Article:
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Kerala in Sangham Age

The Sangam Age (1 AD-500 AD)

  • The region including Kerala, Tamilnadu and southern parts of Karnataka and Andhrapradesh was known as Tamilakam.

  • Kerala was ruled by three powers:

    1. The Ay Kingdom (in the south: region between Nagarcoil and Thiruvalla)

    2. The Ezhimala Kingdom (in the north: region between Vadakara and Manglore)

    3. The Chera Kingdom (between the Ay and Ezhimala kingdoms)

The King

  • Monarchial form of government was present. King was the most important person.

  • Patrilineal system of succession (മക്കത്തായം).

  • The queen had a privileged status. She sat by the side of the king.

  • Polygamy was common among the kings.

  • No evidence of polyandry

  • Widowed queens sometimes committed sati.

  • The king was advised by the council of ministers.

  • There were taxes on land and trade. There were also customs duty on the exports at the ports.

  • Another source of revenue was war booty.

Battles

  • King maintained an army consisting of infantry, cavalry, chariots and elephants.

  • They had navy also.

  • At the commencement of each fight, sacrifices were offered to the war goddess 'Kottavai'.

  • Women would go the battlefield to encourage the soldiers.

  • Death in battlegrounds was an honour. In memory of the dead soldiers, 'hero stones' (വീരക്കല്ല്) were erected.

  • King led the battles. If the king died,it would mean the end of the war.

  • The bodyguards of a dead king, sometimes, committed self immolation.

  • It was the practice to burn down the captured cities to strike terror into the hearts of the enemy.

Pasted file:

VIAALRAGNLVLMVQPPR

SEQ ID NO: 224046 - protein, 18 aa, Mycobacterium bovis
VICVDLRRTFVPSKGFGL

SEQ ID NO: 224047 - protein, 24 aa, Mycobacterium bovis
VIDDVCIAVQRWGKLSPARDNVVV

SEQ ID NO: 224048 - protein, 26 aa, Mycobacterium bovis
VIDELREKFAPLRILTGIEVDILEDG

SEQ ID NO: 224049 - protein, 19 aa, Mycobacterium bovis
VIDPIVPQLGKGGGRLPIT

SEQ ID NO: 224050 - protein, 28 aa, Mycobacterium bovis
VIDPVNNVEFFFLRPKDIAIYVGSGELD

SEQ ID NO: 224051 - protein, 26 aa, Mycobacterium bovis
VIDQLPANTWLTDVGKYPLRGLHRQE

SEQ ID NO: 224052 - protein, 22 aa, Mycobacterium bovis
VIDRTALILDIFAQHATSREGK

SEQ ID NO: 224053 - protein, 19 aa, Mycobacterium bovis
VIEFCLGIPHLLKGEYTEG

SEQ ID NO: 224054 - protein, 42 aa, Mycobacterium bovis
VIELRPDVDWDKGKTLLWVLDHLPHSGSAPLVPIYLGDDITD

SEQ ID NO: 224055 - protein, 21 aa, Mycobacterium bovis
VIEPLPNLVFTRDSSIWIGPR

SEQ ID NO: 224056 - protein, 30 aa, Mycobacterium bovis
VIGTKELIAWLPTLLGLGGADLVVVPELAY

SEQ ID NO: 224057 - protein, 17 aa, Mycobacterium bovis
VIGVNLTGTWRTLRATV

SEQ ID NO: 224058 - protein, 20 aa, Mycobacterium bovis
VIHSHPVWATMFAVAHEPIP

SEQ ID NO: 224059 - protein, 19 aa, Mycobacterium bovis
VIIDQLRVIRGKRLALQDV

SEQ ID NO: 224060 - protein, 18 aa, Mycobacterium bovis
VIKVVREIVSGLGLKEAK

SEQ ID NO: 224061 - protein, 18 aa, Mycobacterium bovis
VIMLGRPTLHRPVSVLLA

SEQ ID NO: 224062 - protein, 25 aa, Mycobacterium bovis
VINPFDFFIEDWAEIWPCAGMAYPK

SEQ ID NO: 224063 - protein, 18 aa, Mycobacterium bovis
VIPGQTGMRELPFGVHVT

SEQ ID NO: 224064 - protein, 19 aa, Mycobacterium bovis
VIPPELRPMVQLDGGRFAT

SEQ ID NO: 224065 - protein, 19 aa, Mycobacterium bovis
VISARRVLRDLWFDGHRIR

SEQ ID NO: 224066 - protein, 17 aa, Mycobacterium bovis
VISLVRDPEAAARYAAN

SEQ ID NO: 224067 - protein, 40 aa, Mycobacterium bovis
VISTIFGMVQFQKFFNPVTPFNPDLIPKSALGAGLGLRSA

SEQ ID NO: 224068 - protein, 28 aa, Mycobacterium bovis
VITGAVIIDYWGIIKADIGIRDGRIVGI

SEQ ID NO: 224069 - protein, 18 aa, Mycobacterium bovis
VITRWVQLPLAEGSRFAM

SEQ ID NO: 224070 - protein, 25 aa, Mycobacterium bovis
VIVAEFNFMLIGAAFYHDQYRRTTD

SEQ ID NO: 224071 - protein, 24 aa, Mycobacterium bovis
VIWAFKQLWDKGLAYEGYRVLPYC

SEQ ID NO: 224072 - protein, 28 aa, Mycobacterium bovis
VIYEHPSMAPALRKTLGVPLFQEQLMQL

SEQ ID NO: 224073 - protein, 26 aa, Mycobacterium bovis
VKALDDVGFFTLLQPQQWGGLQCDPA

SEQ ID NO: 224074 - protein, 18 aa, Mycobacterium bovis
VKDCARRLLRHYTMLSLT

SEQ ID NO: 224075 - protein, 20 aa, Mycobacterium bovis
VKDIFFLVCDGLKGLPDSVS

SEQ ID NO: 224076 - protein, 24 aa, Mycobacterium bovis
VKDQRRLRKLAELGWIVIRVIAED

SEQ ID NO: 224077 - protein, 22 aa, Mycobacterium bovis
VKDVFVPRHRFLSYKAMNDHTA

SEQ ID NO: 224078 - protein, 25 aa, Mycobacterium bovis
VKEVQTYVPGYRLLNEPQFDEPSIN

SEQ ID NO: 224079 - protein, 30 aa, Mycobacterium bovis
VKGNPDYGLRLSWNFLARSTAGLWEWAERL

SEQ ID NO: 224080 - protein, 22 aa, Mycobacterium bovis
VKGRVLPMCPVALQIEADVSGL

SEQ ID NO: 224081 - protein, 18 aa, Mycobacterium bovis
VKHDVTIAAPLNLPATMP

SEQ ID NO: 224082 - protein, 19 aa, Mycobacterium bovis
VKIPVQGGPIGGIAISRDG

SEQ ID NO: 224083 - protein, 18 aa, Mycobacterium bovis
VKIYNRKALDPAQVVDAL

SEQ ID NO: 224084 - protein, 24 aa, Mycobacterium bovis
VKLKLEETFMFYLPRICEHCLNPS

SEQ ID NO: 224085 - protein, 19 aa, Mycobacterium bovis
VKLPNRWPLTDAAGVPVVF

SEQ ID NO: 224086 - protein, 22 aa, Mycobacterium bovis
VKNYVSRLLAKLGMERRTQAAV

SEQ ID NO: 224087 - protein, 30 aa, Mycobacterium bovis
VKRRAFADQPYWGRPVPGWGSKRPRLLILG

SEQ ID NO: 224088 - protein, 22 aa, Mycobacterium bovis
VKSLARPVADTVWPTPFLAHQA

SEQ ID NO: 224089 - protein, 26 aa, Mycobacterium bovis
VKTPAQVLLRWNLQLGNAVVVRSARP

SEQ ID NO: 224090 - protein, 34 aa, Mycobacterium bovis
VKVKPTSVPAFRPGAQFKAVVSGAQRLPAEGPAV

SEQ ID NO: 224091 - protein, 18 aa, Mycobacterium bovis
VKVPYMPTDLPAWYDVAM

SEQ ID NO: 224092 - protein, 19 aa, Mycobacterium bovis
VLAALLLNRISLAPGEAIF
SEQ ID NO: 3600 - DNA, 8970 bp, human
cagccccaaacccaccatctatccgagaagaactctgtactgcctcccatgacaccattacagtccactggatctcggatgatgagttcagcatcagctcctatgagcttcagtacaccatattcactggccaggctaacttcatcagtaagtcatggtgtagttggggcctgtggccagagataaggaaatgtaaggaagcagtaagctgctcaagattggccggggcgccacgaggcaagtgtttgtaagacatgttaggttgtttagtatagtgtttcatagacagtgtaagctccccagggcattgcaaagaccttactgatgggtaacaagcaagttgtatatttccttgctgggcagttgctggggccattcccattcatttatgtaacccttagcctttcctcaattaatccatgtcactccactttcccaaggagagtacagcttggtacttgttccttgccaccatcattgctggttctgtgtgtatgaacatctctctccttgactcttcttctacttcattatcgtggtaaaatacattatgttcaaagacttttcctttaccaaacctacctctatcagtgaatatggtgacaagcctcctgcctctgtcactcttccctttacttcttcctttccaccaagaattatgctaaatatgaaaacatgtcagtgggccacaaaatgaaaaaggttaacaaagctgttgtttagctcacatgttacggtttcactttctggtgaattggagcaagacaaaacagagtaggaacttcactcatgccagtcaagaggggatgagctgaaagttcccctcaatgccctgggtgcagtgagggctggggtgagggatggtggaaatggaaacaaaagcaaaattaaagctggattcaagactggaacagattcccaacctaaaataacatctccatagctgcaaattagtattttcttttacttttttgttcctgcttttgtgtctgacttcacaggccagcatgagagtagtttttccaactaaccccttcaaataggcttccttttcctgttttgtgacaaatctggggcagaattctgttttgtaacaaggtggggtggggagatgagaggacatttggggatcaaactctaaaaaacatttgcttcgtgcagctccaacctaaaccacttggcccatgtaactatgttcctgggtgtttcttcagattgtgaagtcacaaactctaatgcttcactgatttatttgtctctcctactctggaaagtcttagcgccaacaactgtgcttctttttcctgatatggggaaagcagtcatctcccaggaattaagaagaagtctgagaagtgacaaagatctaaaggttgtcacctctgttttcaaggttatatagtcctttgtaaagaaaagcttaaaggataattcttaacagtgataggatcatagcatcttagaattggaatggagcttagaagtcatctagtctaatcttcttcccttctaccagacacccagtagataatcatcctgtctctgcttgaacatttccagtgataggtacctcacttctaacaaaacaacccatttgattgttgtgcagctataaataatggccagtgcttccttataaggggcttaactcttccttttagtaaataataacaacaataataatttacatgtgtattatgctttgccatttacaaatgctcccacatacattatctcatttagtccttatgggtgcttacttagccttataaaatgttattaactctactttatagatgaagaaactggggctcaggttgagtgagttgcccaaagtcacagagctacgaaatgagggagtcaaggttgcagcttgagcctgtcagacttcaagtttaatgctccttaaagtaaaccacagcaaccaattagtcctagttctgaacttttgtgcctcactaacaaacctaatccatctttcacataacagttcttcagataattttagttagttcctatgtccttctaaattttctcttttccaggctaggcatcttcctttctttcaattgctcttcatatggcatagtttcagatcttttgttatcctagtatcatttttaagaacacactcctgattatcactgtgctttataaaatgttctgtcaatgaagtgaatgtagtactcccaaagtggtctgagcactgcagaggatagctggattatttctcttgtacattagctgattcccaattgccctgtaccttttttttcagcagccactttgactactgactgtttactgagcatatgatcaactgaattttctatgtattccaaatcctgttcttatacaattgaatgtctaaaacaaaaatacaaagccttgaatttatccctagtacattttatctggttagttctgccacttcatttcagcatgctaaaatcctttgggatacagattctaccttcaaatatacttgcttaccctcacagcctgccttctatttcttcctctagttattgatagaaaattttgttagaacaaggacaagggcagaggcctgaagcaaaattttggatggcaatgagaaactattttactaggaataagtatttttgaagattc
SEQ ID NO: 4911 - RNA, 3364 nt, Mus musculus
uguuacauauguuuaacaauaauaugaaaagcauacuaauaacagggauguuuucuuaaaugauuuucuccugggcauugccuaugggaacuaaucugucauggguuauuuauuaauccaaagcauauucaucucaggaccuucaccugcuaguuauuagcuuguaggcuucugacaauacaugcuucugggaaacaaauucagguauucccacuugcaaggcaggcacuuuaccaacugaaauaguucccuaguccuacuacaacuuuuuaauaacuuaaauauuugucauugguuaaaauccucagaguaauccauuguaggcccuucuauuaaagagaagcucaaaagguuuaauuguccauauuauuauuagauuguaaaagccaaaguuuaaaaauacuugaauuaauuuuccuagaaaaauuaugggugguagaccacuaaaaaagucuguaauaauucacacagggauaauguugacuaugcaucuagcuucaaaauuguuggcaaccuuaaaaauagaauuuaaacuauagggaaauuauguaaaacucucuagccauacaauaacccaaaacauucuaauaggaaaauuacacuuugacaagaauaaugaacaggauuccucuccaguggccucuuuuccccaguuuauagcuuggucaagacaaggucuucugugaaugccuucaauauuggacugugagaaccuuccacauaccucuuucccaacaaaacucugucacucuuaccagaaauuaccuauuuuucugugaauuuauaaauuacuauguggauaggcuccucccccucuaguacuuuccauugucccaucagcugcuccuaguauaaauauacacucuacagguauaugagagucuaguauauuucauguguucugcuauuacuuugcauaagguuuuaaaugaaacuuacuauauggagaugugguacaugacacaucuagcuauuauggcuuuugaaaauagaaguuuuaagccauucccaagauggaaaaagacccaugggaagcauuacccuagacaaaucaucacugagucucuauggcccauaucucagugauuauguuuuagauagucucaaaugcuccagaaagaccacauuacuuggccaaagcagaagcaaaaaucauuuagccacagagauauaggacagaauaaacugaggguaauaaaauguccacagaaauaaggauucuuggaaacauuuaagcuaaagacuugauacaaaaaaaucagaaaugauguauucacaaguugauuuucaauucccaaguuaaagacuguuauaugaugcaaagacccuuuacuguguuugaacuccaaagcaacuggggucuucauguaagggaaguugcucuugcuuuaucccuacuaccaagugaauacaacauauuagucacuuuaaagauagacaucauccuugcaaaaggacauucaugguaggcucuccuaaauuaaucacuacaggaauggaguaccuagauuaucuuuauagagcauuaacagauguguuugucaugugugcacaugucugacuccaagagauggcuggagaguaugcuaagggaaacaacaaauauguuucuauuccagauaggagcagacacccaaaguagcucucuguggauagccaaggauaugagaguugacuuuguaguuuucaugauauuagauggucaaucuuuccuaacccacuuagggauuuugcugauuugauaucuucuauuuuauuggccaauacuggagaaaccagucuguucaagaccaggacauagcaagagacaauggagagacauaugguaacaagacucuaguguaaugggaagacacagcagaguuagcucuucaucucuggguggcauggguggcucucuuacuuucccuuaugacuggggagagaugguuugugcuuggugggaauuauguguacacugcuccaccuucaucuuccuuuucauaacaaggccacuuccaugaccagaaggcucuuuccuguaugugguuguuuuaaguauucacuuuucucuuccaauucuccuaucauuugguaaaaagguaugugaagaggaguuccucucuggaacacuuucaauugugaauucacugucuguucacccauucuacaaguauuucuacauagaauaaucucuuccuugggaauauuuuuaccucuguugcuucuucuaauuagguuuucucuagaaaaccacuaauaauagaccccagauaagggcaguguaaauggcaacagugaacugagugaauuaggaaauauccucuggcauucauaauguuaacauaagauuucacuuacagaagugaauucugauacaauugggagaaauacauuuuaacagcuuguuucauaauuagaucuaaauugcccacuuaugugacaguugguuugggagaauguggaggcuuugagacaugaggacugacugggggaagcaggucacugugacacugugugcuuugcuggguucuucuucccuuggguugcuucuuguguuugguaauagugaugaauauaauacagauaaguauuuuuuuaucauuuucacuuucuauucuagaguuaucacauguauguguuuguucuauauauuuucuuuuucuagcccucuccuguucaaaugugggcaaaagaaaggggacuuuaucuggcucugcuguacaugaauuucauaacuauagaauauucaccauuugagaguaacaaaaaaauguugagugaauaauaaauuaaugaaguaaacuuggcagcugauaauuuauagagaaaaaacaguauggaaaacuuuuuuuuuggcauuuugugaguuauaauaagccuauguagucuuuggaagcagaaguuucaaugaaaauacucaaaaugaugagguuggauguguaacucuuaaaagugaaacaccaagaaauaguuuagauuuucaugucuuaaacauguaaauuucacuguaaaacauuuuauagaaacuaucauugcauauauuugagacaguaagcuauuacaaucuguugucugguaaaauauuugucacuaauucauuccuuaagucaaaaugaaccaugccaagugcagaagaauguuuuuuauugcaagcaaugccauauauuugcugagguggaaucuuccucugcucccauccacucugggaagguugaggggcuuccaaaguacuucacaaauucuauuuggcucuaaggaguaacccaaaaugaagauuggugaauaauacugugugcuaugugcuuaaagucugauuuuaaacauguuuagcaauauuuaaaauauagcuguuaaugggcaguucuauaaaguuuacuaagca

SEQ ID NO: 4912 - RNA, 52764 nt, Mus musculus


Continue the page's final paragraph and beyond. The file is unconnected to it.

• It was a shame to be wounded by an enemy in the back. In the 'battle of Venni, the Chera king Utiyan Cheralatan was wounded in the back by the Chola king Karikala. The Chera king committed self immolation by fast unto death.

  • If a king was killed in a battle, the fighting was stopped at once and a war dance 'Kuravaikuthu' (കുരവകൂത്ത്) was performed.

  • Each king would rear a tree as a symbol of his authority. If he was defeated in the battlefield, the tree would be cut down.

  • It was customary to pull out the teeth of the captured enemies.

Sangham Poets

  • The poets were patronised by the kings.

  • The poets composed poems in praise of their lords.

  • The poets and musicians would roam in the battlefield, encouraging their soldiers. The enemy army would not harm the poets and the musicians.

  • The poets and scholars had free access to the king at any time.

Village Assembly

  • The village assembly was known as 'manram' (മൺറം).

  • It was held by the elders under a banyan tree.

  • The disputes were settled in these assemblies.

Caste System

  • Four-fold varna system was absent.

  • No untouchability and unapproachability.

  • People enjoyed equality.

  • The Sangham poets like Kapilar and Paranar emerged from 'Pana' community (now a lower caste).

Position of Women

  • Women enjoyed high status.